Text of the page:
NEW YORK (Reuters) - General Growth Properties <GGWPQ.PK> reached agreements with additional lenders to extend loans on its shopping centers and other properties and will ask a judge later this month to approve the plan that so far covers $9.7 billion of its secured debt.
The company late Tuesday filed a plan of reorganization to repay loans on 92 properties, which now includes 77 shopping centers, three office buildings, 10 smaller shopping developments and two industrial properties.
Each of the entities involved in the loans will have to approve the agreements, and U.S. bankruptcy Court Judge Allan Gropper gave the green light for the documents to be sent to those creditors, court papers showed.
A hearing on confirmation of the plan is scheduled to be held December 15.
"There are a lot fewer problems for General Growth to worry about," said Derek Smith, attorney with Paul, Hastings, Janofsky & Walker, which is not directly involved in the bankruptcy. "Now there are fewer people at the table with a say in the bankruptcy. It's cleaning up General Growth's issues."
The second largest U.S. mall owner, and biggest real estate failure in U.S. history, has the exclusive right to come up with its own reorganization plan through late February.
The company is continuing to negotiate with holders of remaining $5.2 billion of its $14.9 billion in property debt that was included its April 16 bankruptcy. Chicago-based General Growth also has another roughly $7 billion in unsecured corporate debt.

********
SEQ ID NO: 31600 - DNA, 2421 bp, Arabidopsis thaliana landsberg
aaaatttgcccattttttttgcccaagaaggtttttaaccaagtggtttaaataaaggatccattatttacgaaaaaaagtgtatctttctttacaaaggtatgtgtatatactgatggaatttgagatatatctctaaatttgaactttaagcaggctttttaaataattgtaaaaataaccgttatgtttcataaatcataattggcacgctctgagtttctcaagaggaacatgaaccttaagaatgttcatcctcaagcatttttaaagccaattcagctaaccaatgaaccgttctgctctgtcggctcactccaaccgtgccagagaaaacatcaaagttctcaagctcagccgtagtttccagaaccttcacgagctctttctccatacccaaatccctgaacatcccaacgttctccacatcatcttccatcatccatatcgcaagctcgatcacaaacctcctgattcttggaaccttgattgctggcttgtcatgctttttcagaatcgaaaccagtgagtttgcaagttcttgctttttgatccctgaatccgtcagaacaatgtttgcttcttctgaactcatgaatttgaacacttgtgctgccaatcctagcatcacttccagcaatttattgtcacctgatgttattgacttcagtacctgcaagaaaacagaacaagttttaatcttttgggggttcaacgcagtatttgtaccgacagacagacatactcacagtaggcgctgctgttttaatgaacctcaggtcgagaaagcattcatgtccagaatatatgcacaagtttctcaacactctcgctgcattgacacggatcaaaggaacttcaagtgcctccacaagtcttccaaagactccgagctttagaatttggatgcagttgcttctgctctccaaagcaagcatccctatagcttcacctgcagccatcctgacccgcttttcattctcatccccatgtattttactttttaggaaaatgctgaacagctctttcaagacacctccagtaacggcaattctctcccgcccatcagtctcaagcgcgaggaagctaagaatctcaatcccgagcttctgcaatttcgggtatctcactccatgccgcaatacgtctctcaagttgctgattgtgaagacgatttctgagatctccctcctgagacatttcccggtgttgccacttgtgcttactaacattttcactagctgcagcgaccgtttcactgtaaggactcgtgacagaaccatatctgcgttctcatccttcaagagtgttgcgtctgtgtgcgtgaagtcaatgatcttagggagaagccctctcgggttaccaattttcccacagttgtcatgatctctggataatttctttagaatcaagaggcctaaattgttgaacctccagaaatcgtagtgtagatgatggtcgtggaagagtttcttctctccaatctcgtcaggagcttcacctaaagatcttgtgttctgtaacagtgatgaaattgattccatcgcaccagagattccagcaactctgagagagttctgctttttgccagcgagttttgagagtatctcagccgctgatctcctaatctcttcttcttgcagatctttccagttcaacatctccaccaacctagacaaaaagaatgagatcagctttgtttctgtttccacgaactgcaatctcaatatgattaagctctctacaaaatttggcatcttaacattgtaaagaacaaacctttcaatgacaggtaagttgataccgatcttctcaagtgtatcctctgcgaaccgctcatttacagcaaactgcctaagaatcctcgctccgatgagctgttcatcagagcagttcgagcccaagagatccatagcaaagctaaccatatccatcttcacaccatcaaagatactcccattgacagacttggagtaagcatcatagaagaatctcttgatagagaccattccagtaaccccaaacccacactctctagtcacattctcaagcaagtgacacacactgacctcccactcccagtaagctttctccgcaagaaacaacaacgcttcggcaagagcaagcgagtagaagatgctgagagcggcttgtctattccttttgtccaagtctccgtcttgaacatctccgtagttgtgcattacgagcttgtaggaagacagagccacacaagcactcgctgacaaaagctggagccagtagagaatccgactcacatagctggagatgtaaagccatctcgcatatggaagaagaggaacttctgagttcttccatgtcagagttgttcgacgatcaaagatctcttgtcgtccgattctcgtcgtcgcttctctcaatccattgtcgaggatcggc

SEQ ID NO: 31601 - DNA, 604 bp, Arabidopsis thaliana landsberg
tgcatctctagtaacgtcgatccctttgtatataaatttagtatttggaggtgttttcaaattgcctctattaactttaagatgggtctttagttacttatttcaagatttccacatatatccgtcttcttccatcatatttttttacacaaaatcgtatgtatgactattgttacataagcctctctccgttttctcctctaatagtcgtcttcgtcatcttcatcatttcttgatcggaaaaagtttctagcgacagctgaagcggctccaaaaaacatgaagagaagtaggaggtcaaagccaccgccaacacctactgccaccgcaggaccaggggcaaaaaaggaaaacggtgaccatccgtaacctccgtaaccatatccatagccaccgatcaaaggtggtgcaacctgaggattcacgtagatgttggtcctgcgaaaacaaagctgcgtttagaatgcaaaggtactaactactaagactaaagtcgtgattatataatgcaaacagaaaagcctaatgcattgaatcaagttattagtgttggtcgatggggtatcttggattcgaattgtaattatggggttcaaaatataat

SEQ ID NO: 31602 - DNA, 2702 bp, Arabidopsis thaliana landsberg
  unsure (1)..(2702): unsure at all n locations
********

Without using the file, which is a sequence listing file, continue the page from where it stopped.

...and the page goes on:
"When we filed for bankruptcy we said we had a number of conditions," Thomas Nolan Jr., General Growth president and chief operating officer, told Reuters. "The first was to deleverage the company. The second was to put a more coherent maturity schedule in for our debt. This step goes enormously a long long way to accomplishing that objective."
If approved, the plan would bring the entities associated with the properties out of bankruptcy but still controlled and owned by General Growth.
The company filed for protection from creditors when it was unable to refinance maturing debt, even though it had $29.56 billion in assets. Some of its other entities, including its properties it owns with other investors in joint ventures, were not included in the bankruptcy.
Shares of General Growth on Wednesday were down 1.3 percent to $6.81 in afternoon trading.
The case is In re: General Growth Properties Inc, U.S. Bankruptcy Court, Southern District of New York, No. 09-11977.
(Reporting by Ilaina Jonas, Caroline Humer and Chelsea Emery in New York and Santosh Nadgir in Bangalore; editing by John Wallace and Tim Dobbyn)